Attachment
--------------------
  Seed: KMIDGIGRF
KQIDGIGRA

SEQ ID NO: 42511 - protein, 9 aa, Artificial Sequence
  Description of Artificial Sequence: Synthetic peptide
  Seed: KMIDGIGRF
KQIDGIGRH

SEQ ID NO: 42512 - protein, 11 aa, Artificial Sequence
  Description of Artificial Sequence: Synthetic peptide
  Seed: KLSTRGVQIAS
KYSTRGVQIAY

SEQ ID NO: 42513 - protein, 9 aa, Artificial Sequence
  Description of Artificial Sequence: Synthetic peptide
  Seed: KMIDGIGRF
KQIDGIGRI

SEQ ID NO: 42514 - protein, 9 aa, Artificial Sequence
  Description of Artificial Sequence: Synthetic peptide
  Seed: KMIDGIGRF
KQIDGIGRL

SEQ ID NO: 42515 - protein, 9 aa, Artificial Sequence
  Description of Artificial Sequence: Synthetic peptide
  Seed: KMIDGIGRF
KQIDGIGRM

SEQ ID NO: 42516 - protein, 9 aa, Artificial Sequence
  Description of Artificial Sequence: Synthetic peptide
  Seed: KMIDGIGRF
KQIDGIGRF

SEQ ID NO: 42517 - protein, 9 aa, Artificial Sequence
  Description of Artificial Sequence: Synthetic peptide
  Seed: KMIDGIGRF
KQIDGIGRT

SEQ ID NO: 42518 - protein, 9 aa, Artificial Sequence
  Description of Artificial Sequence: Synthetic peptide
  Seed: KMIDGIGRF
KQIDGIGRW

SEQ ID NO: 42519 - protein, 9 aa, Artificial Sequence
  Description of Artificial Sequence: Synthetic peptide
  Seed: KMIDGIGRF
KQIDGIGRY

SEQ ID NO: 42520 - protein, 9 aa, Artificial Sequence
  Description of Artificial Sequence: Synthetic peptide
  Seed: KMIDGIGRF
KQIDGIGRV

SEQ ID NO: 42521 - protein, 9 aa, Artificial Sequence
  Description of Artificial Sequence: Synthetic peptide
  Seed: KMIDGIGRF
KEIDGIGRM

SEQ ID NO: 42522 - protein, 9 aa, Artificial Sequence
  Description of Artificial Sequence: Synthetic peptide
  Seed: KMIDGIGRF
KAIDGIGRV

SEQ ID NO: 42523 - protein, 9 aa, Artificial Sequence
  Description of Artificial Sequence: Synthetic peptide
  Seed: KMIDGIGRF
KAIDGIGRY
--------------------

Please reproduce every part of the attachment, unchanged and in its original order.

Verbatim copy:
  Seed: KMIDGIGRF
KQIDGIGRA

SEQ ID NO: 42511 - protein, 9 aa, Artificial Sequence
  Description of Artificial Sequence: Synthetic peptide
  Seed: KMIDGIGRF
KQIDGIGRH

SEQ ID NO: 42512 - protein, 11 aa, Artificial Sequence
  Description of Artificial Sequence: Synthetic peptide
  Seed: KLSTRGVQIAS
KYSTRGVQIAY

SEQ ID NO: 42513 - protein, 9 aa, Artificial Sequence
  Description of Artificial Sequence: Synthetic peptide
  Seed: KMIDGIGRF
KQIDGIGRI

SEQ ID NO: 42514 - protein, 9 aa, Artificial Sequence
  Description of Artificial Sequence: Synthetic peptide
  Seed: KMIDGIGRF
KQIDGIGRL

SEQ ID NO: 42515 - protein, 9 aa, Artificial Sequence
  Description of Artificial Sequence: Synthetic peptide
  Seed: KMIDGIGRF
KQIDGIGRM

SEQ ID NO: 42516 - protein, 9 aa, Artificial Sequence
  Description of Artificial Sequence: Synthetic peptide
  Seed: KMIDGIGRF
KQIDGIGRF

SEQ ID NO: 42517 - protein, 9 aa, Artificial Sequence
  Description of Artificial Sequence: Synthetic peptide
  Seed: KMIDGIGRF
KQIDGIGRT

SEQ ID NO: 42518 - protein, 9 aa, Artificial Sequence
  Description of Artificial Sequence: Synthetic peptide
  Seed: KMIDGIGRF
KQIDGIGRW

SEQ ID NO: 42519 - protein, 9 aa, Artificial Sequence
  Description of Artificial Sequence: Synthetic peptide
  Seed: KMIDGIGRF
KQIDGIGRY

SEQ ID NO: 42520 - protein, 9 aa, Artificial Sequence
  Description of Artificial Sequence: Synthetic peptide
  Seed: KMIDGIGRF
KQIDGIGRV

SEQ ID NO: 42521 - protein, 9 aa, Artificial Sequence
  Description of Artificial Sequence: Synthetic peptide
  Seed: KMIDGIGRF
KEIDGIGRM

SEQ ID NO: 42522 - protein, 9 aa, Artificial Sequence
  Description of Artificial Sequence: Synthetic peptide
  Seed: KMIDGIGRF
KAIDGIGRV

SEQ ID NO: 42523 - protein, 9 aa, Artificial Sequence
  Description of Artificial Sequence: Synthetic peptide
  Seed: KMIDGIGRF
KAIDGIGRY